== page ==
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Paul Larkin, Jul 26, 2007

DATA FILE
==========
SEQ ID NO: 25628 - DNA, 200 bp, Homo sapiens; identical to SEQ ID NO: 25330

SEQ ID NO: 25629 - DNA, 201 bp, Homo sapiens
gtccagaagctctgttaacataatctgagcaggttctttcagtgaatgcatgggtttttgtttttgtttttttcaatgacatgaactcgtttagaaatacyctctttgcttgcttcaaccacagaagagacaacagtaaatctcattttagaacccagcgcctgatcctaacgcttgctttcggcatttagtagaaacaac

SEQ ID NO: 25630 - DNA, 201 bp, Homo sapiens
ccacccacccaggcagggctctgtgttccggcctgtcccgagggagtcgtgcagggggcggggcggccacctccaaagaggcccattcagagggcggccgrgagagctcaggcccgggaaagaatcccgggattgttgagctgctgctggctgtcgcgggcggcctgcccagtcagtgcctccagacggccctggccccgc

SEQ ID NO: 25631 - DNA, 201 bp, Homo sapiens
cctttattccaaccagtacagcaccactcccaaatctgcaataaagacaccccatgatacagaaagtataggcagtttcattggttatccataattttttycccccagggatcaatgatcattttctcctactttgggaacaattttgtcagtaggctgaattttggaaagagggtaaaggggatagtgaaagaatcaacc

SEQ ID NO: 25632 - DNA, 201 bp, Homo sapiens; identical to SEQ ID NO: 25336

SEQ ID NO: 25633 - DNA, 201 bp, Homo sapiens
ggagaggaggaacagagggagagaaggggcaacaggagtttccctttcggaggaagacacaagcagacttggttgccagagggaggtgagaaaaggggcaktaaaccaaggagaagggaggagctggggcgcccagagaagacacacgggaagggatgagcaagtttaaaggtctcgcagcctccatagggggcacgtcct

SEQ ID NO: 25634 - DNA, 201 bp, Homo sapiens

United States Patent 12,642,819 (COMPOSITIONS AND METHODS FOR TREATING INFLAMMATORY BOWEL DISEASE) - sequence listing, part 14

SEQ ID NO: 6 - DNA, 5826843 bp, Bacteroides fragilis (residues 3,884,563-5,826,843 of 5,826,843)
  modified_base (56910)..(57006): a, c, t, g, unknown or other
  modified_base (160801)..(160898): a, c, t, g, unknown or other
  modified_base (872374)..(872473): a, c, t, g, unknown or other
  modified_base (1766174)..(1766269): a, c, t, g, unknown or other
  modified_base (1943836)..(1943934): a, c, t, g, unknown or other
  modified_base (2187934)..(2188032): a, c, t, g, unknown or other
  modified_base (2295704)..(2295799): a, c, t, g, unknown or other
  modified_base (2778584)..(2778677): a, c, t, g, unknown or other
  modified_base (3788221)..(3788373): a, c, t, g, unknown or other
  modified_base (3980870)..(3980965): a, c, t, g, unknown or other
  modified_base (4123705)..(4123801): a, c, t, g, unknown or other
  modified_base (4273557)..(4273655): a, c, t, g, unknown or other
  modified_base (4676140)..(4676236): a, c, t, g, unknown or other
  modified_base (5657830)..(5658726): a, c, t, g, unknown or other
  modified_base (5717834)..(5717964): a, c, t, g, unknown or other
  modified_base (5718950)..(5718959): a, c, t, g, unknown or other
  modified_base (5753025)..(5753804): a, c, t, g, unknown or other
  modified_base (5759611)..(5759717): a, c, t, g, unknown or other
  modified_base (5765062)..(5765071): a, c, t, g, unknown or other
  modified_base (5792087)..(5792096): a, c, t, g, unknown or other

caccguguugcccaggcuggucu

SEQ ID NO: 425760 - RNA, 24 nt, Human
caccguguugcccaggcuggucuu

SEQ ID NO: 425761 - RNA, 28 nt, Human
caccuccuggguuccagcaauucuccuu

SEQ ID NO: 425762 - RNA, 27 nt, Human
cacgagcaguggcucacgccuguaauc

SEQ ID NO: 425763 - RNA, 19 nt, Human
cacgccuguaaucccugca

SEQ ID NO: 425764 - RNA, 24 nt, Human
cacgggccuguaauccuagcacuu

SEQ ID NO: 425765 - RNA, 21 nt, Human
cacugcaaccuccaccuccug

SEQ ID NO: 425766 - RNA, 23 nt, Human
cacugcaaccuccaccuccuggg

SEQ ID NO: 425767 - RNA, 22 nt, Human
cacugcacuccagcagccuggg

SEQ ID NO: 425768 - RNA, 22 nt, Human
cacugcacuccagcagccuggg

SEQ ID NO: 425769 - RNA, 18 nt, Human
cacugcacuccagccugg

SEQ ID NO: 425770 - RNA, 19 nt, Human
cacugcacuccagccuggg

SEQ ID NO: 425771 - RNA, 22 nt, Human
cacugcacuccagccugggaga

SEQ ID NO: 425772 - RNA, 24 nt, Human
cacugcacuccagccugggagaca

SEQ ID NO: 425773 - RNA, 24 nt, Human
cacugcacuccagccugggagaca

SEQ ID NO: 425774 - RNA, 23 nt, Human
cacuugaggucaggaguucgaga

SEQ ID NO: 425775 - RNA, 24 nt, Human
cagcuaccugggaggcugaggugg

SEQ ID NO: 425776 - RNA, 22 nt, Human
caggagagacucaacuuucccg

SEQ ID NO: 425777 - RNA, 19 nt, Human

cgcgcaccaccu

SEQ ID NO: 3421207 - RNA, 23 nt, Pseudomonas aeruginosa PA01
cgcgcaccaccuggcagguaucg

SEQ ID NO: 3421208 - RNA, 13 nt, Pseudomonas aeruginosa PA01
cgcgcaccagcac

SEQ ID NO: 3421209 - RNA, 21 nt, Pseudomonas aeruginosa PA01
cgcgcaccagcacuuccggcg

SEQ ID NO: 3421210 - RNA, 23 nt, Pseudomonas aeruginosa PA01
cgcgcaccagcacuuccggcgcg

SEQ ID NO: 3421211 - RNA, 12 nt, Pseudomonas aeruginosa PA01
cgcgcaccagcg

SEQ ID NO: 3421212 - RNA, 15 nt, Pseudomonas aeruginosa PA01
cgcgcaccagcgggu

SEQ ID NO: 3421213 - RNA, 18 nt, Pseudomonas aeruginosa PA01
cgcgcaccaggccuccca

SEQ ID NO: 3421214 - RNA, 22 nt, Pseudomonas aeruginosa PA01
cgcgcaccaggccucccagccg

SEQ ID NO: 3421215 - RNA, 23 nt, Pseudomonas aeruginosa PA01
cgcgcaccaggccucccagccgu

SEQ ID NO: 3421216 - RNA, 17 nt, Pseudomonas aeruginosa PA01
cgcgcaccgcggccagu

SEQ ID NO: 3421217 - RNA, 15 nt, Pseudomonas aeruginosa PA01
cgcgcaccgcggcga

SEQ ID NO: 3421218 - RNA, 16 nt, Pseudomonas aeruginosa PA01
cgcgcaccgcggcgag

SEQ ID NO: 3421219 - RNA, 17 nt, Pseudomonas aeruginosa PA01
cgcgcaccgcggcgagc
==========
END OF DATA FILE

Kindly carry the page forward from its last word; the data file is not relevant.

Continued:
On February 19, 2007, America’s two satellite radio companies -XM, based in Washington, D.C., and Sirius, based in New York City- proposed a merger of the two firms. The union would be accomplished by an exchange of shares that would leave each company’s stockholders owning half of the new firm, which, according to estimates made at the time of the announcement, would be worth approximately $11-13 billion. The parties hope to conclude the merger by the end of 2007, with a March 1, 2008, “drop dead” date, allowing either party to walk away from the deal if it has not been approved by then. The proposal, which had been the subject of speculation for months beforehand, generated immediate controversy within the media industry, on Wall Street, in the legal community, and on Capitol Hill. Proponents of the merger, such as Sirius CEO Mel Karmazin, who is projected to become CEO of the new, as-yet unnamed company, said that the union will enhance efficiency in several ways. For example, the merger will eliminate redundant operating expenses in areas such as marketing, customer care, equipment, and research and development. The merger also will allow the new firm to abandon duplicative content offerings, to offer consumers a more extensive range of new programming options, and to target “underserved communities.” And the merger will allow the remaining firm greater buying power in the market for premium content programs, such as professional sporting events. By contrast, opponents of the merger, such as the National Association of Broadcasters (NAB) and consumer organizations, have argued that the sought-after efficiencies cannot be attained for years, due in part to the presently-incompatible technology used by each company. Critics also maintain that the merger would disserve the public interest by creating a monopoly in the satellite radio industry, in violation of the federal antitrust laws. The NAB in particular has claimed quite ironically, in fact that the merger, by eliminating redundant channels and freeing capacity to offer unique programs, would enable the newly-merged firm to compete in the arena for local services, such as local news, which is beyond the licenses granted to XM and Sirius. Different commentators on Wall Street and elsewhere have expressed varying degrees of optimism and pessimism about the likelihood of the proposed merger being consummated. Ultimately, however, the opinions that matter are those of the Antitrust Division of the United States Department of Justice (DOJ) and the Federal Communications Commission (FCC). Both must approve the merger before it can be consummated and a new company created. Those two agencies have different, albeit slightly overlapping, responsibilities in this regard. DOJ must decide whether the proposed merger would violate the federal antitrust laws by creating a monopoly. By contrast, the FCC must decide whether the union of two previously competing communications licensees satisfies the â€œpublic interestâ€ requirement of the federal communications laws.